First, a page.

1. I just finished reading The Shadow. Absolutely wonderful and yes, disturbing and utterly fascinating. A sort of Tales of the Unexpected but even more twisted.

    Thanks for the link!

    And I hope the baby pigeons survive - I love pigeons - so maligned, poor things. Crows too but they're so big and efficient they'll be fine!

    Your rather swish and stylish scarecrow is just bizarre. Scary and effective and bizarre! But if it protects the baby pigeons then I'd have a whole army of them!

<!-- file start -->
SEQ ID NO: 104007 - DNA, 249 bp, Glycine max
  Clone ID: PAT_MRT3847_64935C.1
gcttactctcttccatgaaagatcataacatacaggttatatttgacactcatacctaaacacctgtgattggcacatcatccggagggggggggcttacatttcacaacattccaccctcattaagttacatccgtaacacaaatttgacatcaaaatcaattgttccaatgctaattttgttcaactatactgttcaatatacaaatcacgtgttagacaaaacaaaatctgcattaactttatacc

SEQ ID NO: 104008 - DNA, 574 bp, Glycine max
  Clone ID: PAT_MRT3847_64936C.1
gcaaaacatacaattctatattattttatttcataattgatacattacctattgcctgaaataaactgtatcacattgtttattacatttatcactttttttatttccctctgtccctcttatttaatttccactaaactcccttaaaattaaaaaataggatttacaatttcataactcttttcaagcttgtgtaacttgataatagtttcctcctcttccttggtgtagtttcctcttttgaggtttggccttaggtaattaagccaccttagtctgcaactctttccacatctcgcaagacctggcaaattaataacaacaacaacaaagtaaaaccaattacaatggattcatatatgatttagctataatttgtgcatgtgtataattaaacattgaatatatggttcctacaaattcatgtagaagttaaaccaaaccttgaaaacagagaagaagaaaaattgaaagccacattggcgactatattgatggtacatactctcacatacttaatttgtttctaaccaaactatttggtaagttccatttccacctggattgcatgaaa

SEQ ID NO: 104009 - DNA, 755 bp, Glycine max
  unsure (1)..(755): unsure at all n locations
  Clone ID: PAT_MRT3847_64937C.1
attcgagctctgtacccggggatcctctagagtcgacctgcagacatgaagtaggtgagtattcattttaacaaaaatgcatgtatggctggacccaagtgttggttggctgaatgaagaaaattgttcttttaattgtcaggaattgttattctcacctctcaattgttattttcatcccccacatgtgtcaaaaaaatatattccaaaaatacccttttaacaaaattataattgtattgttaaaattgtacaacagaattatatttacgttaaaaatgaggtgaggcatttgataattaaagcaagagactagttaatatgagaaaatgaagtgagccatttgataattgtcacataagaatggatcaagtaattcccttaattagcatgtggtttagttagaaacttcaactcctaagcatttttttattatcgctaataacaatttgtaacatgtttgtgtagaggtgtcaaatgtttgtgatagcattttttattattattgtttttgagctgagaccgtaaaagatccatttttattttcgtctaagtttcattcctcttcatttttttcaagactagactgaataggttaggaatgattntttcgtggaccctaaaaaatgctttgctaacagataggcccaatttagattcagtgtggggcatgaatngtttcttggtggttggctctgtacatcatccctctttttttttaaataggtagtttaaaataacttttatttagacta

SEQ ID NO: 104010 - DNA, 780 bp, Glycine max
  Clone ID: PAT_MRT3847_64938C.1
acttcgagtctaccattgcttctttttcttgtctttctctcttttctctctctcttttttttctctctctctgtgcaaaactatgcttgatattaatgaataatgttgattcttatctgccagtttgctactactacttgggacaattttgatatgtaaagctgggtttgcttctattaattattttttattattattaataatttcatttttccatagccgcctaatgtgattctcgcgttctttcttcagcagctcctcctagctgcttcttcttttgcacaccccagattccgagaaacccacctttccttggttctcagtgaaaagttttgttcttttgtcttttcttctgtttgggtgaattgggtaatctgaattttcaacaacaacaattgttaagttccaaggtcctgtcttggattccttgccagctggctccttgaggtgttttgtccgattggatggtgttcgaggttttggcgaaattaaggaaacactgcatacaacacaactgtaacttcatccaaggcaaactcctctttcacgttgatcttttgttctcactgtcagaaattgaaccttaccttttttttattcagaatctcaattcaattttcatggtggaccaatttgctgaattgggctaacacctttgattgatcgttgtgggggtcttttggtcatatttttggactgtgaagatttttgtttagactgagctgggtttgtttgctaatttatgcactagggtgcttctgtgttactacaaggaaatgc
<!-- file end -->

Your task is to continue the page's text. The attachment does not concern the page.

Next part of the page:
Take care

  2. Yes, I like crows too - rather more than wood pigeons, to be honest. But I feel sorry for poor Mrs Pigeon, outgunned and trying to save her eggs. There were a few grey feathers about after the first raid.

    HCA was not the jolly entertainer of children Disney would have us believe. His writing is dark...

  3. Ooh this is a theme that really sends shivers up my spine in fiction. The Double by José Saramago in particular... Doubles are *spooky*.

    (And there's Doppelganger by Marie Brennan for something not quite as dense...)

  4. Ah, another book (or two) I haven't read. I will keep an eye out for them.

    Who wrote that short story about the man who sees what he thinks is his reflection in a shop, but it moves independently? That doppelgänger turns out to be an evil twin or something seen through glass...